A state-by-state report issued by the AFL-CIO, issued in conjunction with the upcoming Worker’s Memorial Day this Friday, presents a mixed picture on the status of workplace safety in America. Analyzing data from 2004, the report shows that rates for deaths in the workplace increased for the first time in a decade, while rates for illnesses and injuries experienced a slight decline. The picture in Wisconsin is reversed,
with its rank at 15th lowest for workplace deaths, but above average for its rate of workplace injuries and illnesses. And it is likely that workplace injuries have been undercounted as a result of reluctance of migrant workers and teenagers to report workplace accidents. “Progress in protecting workers’ health and safety is slowing, and for some groups of workers jobs are becoming more dangerous,” the report says. The report cites a policy of decreased regulation under the Bush Administration as coming at the expense of worker safety and health, and recommends strengthening of OSHA standards and giving workers a voice in the development of workplace safety and health standards.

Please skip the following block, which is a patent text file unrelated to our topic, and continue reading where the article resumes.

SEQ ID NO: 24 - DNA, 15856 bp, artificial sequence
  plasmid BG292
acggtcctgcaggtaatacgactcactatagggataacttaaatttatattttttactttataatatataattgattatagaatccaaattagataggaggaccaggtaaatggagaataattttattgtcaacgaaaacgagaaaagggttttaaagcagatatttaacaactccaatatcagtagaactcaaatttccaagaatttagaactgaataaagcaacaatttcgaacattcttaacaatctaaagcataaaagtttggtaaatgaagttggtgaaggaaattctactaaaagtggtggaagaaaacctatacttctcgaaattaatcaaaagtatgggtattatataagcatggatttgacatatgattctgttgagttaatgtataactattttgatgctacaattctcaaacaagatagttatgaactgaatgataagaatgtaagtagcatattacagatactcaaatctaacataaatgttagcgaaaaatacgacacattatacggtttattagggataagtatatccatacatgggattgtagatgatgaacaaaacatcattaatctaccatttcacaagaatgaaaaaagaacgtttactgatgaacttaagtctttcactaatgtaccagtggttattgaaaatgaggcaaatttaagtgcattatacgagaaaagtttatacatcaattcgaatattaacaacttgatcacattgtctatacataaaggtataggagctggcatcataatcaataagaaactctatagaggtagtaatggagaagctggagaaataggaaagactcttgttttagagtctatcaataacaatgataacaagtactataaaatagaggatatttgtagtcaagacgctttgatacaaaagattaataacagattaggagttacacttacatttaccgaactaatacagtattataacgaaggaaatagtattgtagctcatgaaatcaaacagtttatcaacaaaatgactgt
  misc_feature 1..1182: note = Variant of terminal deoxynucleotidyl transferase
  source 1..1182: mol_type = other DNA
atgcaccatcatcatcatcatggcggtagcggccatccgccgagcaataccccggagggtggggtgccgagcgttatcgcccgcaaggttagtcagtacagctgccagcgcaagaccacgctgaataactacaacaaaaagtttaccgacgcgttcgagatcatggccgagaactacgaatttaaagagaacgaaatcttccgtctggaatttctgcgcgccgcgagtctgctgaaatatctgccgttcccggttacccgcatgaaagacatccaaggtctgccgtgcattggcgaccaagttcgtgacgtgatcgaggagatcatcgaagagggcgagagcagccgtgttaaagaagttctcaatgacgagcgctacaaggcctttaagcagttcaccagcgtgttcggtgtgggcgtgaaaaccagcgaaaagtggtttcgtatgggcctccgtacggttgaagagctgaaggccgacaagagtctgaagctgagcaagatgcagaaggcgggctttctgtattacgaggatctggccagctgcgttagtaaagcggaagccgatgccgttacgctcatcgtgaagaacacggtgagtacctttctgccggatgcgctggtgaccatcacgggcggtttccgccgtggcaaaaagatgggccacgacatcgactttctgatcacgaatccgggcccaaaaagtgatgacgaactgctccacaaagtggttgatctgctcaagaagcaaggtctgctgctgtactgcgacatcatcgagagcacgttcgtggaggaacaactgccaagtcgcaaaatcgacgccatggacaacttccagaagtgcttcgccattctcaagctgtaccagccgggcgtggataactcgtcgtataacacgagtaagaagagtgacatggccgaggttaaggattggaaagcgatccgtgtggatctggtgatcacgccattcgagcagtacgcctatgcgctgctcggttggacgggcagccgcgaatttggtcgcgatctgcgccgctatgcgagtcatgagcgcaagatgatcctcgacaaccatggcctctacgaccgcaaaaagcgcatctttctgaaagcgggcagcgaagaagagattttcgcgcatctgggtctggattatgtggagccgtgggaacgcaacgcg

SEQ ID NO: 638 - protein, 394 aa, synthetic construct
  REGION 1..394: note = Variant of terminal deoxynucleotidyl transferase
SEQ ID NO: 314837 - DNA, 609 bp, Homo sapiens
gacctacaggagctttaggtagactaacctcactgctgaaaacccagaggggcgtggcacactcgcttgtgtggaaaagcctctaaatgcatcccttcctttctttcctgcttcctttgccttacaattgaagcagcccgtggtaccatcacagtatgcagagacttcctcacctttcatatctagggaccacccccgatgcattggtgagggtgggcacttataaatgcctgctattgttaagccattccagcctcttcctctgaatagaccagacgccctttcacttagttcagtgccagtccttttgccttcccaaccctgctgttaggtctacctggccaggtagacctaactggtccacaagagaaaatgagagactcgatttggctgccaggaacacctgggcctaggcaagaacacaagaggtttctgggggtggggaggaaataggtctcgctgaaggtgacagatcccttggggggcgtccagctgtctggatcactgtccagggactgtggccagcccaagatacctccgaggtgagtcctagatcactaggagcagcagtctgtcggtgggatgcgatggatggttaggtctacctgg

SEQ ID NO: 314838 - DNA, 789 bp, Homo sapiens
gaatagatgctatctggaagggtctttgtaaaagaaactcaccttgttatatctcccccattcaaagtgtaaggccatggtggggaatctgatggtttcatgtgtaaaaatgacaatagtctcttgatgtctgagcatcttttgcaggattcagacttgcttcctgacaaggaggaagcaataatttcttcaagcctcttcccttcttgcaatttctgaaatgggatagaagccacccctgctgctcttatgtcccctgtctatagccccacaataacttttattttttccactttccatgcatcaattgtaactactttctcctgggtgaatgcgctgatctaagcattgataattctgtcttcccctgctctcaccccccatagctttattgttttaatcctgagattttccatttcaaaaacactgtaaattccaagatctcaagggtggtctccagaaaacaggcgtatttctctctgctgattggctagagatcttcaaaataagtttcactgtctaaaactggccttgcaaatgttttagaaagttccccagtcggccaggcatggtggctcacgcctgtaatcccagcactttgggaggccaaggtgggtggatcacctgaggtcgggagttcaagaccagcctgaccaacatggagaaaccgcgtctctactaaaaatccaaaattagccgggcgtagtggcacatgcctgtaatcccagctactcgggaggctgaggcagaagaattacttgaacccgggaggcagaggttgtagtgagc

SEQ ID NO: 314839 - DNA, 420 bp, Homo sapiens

Having seen a year of mining disasters that claimed many workers’ lives, let’s hope that fresh energy will devoted to the improvement of workplace heath and safety.